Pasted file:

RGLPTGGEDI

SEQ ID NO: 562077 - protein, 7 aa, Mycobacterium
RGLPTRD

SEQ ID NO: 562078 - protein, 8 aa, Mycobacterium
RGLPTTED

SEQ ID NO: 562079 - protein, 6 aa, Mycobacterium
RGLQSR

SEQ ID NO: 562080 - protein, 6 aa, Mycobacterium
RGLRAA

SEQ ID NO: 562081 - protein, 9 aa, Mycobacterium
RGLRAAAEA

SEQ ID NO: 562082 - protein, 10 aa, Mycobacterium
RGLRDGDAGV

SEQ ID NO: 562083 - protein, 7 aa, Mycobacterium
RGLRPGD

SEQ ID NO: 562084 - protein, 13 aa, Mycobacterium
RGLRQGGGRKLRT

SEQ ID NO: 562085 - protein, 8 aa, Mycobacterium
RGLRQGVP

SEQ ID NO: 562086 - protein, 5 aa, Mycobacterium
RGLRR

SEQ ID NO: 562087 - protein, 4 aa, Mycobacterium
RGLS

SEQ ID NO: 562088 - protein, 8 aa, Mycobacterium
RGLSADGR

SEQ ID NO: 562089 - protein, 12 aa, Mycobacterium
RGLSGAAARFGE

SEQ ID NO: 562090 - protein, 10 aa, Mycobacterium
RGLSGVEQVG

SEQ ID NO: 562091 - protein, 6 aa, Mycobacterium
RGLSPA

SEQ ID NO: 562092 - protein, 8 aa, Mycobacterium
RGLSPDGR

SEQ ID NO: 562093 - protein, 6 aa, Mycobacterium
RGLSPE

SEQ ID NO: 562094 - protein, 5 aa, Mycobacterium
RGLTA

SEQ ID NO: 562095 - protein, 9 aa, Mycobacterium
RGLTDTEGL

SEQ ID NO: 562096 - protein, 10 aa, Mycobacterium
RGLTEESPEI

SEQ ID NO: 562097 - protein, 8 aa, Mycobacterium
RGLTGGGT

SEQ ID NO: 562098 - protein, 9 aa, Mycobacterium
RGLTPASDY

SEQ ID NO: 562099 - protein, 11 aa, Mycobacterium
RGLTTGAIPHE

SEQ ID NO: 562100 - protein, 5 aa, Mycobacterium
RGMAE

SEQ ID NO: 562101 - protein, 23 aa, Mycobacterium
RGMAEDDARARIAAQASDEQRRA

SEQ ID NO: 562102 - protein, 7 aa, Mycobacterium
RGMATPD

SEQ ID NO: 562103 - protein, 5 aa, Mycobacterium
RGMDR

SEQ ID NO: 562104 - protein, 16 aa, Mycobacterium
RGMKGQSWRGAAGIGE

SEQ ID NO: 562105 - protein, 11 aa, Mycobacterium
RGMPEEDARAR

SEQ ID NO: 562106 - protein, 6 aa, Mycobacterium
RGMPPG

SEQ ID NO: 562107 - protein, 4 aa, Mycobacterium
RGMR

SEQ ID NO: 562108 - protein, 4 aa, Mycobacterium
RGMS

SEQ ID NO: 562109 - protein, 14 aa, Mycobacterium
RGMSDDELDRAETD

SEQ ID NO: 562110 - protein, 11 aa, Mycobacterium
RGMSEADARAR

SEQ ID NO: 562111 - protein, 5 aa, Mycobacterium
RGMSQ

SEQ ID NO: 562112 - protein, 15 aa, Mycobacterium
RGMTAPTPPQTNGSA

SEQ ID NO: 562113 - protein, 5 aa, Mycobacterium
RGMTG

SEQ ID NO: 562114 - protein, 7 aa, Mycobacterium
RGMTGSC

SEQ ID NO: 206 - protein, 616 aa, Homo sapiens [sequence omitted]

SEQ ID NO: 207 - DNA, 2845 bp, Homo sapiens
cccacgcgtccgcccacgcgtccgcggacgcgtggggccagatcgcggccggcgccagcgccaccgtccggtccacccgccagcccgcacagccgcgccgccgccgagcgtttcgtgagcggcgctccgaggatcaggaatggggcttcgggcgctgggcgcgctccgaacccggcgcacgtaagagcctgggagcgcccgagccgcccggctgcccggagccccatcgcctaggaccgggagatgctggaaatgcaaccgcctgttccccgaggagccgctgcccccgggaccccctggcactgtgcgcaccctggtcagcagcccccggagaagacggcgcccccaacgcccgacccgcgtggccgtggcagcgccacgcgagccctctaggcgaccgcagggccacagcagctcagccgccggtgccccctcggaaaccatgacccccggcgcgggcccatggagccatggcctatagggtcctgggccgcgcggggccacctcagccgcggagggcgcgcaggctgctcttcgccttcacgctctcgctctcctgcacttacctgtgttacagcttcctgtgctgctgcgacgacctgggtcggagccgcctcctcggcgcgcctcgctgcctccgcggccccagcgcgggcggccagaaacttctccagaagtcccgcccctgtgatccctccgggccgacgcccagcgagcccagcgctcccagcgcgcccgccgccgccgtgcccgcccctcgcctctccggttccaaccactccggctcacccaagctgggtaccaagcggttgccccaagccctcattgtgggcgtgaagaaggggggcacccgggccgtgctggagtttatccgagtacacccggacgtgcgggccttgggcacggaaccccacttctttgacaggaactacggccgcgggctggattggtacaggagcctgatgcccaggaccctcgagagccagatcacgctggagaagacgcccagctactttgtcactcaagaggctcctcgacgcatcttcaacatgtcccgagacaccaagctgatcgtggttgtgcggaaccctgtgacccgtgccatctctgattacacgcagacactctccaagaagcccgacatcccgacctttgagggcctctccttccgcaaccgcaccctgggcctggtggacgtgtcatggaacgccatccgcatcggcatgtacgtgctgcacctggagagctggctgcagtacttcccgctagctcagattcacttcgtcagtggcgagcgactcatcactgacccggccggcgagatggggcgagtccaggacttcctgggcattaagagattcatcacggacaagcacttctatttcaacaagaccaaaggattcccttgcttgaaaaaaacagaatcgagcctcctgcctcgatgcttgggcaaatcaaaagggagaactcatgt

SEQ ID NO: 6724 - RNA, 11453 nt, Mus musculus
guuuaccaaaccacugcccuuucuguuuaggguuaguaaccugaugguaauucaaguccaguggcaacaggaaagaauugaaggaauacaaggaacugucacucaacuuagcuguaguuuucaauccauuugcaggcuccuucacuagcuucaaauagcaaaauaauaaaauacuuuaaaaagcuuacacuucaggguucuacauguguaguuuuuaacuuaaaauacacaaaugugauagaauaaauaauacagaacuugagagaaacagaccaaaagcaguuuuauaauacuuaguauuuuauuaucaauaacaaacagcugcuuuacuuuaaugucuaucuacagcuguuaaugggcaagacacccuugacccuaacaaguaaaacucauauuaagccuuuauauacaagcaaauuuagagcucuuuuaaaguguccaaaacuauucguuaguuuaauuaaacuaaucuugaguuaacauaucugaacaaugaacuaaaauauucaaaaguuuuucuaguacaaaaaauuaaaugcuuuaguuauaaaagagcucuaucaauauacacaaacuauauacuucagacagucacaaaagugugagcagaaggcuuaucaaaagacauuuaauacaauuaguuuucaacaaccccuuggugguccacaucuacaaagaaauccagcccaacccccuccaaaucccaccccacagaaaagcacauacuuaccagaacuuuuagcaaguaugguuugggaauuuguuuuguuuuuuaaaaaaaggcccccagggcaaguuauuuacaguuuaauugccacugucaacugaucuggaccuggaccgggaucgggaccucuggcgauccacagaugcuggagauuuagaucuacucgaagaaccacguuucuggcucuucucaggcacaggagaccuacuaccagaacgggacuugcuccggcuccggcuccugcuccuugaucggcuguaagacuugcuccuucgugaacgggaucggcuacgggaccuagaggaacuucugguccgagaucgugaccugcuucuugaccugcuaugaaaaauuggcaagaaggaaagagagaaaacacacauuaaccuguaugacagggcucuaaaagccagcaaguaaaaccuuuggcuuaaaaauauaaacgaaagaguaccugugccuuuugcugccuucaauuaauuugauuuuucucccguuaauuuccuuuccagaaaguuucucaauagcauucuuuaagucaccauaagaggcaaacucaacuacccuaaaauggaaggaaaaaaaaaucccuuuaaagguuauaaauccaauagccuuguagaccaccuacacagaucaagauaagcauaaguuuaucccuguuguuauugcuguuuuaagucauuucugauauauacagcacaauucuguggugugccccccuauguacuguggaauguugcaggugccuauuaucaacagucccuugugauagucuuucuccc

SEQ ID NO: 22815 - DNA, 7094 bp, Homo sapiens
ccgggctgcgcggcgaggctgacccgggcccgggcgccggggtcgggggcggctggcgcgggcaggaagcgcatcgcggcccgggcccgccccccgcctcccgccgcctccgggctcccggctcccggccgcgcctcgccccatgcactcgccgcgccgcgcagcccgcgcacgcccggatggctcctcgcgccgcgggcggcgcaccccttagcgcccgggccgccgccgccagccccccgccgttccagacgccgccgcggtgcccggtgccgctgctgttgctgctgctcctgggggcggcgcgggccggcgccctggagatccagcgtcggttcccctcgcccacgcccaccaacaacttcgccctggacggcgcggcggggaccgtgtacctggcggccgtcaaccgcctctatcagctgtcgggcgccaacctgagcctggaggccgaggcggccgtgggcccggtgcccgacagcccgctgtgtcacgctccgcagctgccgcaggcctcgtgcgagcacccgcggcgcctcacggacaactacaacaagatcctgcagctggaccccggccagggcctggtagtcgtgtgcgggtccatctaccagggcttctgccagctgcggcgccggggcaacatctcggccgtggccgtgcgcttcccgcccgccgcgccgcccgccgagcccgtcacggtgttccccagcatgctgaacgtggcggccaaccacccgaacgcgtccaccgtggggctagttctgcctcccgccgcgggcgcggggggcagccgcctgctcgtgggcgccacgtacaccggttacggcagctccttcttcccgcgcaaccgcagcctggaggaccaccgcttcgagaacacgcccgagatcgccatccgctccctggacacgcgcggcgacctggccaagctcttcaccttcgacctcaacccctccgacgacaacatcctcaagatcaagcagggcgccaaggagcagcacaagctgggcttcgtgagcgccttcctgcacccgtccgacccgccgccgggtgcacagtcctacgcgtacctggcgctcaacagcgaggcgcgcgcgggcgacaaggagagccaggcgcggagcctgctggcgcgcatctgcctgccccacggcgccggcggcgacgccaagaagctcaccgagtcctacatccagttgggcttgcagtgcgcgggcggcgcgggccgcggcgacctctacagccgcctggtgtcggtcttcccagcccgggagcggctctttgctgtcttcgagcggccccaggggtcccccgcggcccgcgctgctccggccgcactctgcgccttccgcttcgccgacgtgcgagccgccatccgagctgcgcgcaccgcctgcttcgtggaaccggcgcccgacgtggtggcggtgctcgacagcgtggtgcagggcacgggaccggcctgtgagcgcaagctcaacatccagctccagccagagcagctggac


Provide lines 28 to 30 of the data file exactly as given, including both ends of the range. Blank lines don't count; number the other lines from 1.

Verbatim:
SEQ ID NO: 562090 - protein, 10 aa, Mycobacterium
RGLSGVEQVG

SEQ ID NO: 562091 - protein, 6 aa, Mycobacterium